Everyone wrote off Terraria as just another Minecraft clone when it was first announced, but it went on to become one of the most successful indie titles of all time. The sandbox gameplay is very reminiscent of Minecraft, but Terraria has its own charm that drew countless players to the game. It can get really addictive, and you simply can’t get enough of the game even after putting in hundreds of hours into it. If you have already played this incredibly addictive game and happen to be looking for games that are similar in tone and style, then you have come to the right place. Here is the list of video games similar to Terraria that are our recommendations. You can play these games like Terraria on PS4, Xbox One, Xbox 360, PC, iPhone, Android, mac or even online.
11. Asteria (2014)
Asteria makes you feel like Terry Crews from Crackdown 3 with destructible objects in a sci-fi setting. The game is extremely fast-paced, and you can’t even catch a moment’s break because of its combat system. There are nine dungeons to explore and over a hundred items to collect. Unlike other old-school games that force you to work with limited inventory space, there are 900 equipment slots for all of your gear, so you can customize your loadouts whenever you want. The combat in Asteria is really engaging, and if you are tired of the pre-designed levels, you can always head to Creative Mode and design your own custom levels. Multiplayer is also available for players who want to play with their friends or random players from the community.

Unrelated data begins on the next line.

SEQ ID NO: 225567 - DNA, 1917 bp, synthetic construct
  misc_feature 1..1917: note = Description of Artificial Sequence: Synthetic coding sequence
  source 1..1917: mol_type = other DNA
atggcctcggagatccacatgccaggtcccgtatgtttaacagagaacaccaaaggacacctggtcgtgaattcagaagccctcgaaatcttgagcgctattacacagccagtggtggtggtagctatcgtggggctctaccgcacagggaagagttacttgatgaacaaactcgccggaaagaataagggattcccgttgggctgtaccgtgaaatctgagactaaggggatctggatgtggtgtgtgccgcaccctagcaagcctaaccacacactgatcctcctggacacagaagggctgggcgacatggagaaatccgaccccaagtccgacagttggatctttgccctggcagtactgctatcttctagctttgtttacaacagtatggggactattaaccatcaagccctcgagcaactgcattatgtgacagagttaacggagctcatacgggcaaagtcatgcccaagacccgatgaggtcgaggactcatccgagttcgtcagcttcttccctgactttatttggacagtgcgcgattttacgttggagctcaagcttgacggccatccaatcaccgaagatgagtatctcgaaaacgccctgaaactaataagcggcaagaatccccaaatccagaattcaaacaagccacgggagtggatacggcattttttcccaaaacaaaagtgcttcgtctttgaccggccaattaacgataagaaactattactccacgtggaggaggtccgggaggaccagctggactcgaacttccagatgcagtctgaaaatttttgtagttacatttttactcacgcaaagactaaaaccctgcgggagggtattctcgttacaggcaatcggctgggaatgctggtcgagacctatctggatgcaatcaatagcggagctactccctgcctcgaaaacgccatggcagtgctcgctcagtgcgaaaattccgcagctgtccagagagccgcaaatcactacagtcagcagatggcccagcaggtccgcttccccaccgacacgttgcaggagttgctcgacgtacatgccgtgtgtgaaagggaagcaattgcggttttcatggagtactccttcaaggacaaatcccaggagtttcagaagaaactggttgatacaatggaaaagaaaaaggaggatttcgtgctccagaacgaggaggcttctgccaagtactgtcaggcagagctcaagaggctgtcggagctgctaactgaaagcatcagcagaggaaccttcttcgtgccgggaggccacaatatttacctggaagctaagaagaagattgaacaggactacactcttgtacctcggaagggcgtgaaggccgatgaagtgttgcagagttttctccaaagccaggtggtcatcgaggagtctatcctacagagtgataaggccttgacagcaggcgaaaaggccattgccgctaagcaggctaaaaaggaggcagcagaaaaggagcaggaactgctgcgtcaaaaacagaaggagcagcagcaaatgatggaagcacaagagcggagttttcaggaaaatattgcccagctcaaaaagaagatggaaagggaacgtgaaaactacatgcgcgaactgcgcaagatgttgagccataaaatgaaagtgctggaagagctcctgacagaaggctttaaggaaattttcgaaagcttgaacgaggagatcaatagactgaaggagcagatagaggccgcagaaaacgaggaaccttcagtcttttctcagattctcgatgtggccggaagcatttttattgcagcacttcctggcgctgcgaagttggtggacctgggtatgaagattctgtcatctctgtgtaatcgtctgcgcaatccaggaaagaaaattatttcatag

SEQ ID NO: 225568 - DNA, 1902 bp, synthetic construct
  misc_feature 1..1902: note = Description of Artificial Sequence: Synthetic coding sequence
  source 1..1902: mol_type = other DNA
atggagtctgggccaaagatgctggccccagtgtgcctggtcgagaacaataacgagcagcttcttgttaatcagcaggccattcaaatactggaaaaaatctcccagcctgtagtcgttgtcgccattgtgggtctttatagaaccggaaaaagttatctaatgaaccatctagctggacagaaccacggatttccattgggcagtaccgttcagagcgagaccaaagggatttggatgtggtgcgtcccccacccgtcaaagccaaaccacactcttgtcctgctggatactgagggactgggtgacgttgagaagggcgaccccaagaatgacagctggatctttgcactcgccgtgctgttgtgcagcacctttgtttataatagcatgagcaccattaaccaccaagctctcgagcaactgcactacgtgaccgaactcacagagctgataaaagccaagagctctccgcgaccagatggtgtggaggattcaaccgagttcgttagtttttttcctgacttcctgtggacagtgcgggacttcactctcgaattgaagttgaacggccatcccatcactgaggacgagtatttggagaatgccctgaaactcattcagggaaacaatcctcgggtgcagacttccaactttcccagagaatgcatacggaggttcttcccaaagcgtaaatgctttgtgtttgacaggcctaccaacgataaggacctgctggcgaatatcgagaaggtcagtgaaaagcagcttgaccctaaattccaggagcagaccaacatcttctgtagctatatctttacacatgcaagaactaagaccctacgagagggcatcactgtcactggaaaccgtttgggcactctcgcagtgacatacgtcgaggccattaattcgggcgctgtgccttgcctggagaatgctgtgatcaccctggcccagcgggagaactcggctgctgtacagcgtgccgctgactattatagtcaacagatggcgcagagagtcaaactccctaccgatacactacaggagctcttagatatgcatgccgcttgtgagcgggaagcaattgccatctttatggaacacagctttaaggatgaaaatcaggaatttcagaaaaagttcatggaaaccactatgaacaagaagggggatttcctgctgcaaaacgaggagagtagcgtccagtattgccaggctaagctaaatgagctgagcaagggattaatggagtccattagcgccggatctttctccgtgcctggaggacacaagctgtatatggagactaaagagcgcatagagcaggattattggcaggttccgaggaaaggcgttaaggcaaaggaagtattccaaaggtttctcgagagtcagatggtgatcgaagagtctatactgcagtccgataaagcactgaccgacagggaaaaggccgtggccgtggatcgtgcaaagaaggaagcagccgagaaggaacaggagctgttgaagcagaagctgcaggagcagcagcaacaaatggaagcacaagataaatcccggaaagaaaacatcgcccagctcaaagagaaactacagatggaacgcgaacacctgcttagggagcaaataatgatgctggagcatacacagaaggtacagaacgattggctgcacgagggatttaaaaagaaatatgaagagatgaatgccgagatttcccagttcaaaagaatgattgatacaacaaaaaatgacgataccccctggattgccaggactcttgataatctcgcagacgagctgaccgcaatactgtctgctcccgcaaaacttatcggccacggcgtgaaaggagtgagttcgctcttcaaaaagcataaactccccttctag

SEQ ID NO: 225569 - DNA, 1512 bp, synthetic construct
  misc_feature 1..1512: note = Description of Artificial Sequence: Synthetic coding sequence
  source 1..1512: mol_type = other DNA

10. Spelunky (2008)
Spelunky is the Dark Souls of platformers, and even though speedrunners of the game can clear all of the levels in 10 minutes, the replayability is what brings players back. As soon as you enter the very first world, which resembles a jungle, you will find yourself exploring every corner of the map and before you know it, things start to get a bit too difficult. You’ll get Indiana Jones vibes when playing Spelunky as you put on your adventuring hat and explore one world after the other.
Despite the game’s simplistic premise, there is a steep learning curve that requires you to learn and use the right skills to progress. Worlds that initially take hours to clear become trivial as you get better at the game. The best thing about Spelunky is the exploration, and there is a certain charm to discovering secrets that stay hidden unless you put in the time to search for them. A sequel is currently in development, and the developers showcased it at GDC 2019 which looks quite promising. We can’t wait to see how Derek Yu manages to recreate the magic of Spelunky one more time.